Ask the Swan Specialist
Date: 21 July 2014
At first, many researchers believed that birds’ olfactory sense (smell) was not as well developed as their hearing and sight, thus this would be the least sense to be used. However, many recent studies indicate that birds do have a well-developed olfactory sense and in certain species, the sense is much more pronounced. Some birds use their sense of smell to search for food and some research has shown that birds can use their smell to distinguish individual members of the flock. Research in swans is limited, but if the sense of smell holds the same effectiveness as in other bird species, then it is possible that the swans use smell to recognize other swans, but not necessarily to determine if there have been other swans in their area, rather their own young.
We would suggest that sight, (noticing something rearranged in the area) or hearing (sounds that other swans are present in the area or have fled) would play a prominent part in realizing that the habitat has been intruded. Also, it is noted that some research states that the uropygial oil (preen) gland may help in swans distinguishing between other swans. The oil when spread over the feathers and onto the eyes reacts with the ultraviolet rays from sunlight which can help the birds receive an active form of Vitamin D3 when preening by possibly ingesting the oil. Furthermore, swans are theorized to see colors in the ultraviolet range and the oil may make colors, sex and identification of other birds more prominent. The Regal Swan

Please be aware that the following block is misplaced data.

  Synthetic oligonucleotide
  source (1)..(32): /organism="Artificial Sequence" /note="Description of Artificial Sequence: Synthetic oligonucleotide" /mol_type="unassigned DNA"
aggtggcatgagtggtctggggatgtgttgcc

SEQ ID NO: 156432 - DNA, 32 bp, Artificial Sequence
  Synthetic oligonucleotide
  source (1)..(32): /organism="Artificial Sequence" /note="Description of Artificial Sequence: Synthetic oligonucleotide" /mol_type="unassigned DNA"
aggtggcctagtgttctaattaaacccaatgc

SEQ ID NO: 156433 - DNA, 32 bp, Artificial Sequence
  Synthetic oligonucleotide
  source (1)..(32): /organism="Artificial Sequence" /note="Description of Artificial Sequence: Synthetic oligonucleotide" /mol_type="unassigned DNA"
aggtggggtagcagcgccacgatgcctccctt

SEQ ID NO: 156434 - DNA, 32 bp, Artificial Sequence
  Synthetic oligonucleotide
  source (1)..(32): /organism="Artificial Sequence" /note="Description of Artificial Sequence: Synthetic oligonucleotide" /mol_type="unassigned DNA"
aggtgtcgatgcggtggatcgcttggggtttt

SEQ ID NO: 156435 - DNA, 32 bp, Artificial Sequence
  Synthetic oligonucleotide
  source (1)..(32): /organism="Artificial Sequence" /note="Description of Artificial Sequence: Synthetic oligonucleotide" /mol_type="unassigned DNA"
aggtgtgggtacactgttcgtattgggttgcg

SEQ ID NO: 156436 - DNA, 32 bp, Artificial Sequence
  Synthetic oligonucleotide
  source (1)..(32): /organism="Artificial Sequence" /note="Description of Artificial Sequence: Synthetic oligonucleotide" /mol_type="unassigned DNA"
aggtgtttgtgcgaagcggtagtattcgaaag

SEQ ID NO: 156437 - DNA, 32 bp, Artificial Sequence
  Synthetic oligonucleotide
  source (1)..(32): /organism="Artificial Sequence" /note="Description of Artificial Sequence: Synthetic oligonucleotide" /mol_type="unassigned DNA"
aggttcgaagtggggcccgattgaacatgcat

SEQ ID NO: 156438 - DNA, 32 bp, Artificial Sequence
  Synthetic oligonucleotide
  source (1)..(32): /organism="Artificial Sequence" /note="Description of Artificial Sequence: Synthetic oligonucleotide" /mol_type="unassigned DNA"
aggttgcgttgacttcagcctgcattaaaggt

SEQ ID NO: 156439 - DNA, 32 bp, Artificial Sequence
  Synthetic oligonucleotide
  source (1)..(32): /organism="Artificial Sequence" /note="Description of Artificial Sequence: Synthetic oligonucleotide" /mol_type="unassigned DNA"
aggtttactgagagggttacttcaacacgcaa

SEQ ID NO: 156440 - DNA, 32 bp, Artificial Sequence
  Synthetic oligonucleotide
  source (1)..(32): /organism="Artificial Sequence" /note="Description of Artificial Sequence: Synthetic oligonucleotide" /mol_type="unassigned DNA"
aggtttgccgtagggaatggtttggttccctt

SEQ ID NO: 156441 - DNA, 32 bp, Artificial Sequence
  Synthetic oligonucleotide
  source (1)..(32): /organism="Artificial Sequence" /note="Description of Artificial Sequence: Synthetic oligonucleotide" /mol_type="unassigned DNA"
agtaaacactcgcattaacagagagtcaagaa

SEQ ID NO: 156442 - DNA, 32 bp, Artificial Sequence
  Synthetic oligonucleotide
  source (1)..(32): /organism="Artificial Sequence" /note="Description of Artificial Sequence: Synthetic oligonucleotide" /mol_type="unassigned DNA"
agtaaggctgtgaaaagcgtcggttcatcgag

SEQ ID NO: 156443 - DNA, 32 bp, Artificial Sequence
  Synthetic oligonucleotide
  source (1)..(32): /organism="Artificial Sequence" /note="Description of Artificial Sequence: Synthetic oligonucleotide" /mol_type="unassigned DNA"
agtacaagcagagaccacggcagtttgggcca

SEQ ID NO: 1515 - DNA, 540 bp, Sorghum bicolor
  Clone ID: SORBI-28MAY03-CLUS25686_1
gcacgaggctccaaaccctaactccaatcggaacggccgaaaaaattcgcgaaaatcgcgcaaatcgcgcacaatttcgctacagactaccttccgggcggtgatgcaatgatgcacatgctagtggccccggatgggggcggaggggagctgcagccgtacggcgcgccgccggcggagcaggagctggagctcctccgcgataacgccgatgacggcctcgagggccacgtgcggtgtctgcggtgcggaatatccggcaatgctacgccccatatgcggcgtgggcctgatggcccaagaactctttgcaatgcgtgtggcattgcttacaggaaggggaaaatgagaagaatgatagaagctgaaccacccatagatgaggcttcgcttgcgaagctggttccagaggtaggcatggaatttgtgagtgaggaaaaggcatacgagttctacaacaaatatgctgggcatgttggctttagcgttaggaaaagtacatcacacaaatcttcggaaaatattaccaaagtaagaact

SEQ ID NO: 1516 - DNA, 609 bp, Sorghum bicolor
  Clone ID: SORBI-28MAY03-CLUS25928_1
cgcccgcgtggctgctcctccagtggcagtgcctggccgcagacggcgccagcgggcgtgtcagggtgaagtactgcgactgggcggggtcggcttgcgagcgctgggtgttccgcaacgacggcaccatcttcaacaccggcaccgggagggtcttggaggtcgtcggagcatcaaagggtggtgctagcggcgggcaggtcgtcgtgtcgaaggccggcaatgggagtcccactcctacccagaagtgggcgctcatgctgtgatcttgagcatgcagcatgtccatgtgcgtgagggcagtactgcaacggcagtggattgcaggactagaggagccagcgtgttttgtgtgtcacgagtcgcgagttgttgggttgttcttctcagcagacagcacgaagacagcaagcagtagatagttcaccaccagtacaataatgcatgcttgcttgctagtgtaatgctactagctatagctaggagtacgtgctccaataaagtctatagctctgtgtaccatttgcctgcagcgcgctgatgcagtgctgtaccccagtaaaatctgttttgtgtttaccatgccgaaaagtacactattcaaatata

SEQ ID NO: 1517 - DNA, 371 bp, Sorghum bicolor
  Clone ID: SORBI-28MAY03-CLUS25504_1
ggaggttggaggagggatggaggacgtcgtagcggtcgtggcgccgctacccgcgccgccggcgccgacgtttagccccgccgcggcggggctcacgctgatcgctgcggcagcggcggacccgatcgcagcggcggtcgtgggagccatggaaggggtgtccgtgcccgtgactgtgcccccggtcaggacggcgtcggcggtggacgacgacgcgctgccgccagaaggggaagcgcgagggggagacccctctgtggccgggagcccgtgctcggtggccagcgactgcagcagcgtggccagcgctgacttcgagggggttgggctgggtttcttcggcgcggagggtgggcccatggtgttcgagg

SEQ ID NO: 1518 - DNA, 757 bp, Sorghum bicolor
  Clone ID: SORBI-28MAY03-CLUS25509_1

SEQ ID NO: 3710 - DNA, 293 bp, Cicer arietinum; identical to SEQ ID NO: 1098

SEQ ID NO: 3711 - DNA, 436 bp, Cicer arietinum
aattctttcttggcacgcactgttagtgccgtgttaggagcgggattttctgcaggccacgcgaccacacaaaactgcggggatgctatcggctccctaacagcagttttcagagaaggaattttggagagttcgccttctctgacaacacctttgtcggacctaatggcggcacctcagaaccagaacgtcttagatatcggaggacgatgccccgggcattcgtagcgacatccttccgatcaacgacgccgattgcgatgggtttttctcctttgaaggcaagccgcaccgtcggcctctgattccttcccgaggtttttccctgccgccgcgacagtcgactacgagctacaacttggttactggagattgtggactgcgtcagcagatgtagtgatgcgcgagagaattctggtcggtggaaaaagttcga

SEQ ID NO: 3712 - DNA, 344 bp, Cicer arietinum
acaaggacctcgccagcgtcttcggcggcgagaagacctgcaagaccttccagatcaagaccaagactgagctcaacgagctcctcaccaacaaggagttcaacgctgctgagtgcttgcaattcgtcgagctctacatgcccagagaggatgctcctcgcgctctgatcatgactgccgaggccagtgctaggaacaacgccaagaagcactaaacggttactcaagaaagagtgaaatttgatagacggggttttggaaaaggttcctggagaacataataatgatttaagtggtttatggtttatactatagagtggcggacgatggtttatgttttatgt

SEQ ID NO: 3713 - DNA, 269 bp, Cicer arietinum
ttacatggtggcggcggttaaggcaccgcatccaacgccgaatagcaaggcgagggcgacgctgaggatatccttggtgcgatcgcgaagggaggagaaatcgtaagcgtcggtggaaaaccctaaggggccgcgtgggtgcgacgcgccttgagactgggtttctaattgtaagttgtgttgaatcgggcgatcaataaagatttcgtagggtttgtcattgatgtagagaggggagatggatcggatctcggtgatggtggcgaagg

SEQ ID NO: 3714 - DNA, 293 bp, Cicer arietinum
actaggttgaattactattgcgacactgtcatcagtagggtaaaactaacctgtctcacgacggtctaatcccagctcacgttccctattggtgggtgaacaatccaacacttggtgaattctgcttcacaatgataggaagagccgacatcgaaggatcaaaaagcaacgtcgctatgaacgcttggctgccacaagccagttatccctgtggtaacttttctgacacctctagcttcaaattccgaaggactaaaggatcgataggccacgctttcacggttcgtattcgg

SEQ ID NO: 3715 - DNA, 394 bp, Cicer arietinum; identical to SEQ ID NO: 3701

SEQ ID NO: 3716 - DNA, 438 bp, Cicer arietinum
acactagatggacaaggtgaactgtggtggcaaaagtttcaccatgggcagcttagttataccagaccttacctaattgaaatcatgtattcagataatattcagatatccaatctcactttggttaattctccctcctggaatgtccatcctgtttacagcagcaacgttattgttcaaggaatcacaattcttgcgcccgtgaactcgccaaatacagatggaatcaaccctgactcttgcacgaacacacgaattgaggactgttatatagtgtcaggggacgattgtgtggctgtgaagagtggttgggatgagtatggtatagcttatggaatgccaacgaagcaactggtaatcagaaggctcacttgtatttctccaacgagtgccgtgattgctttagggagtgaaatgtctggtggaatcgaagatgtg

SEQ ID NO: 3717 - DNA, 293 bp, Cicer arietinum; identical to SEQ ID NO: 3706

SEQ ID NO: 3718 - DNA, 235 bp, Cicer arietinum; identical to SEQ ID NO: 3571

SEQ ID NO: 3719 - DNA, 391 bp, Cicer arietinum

Messages In This Thread
- How good is a swan's sense of smell? -- Nicole -- 21 July 2014
- Re: How good is a swan's sense of smell? -- The Regal Swan -- 21 July 2014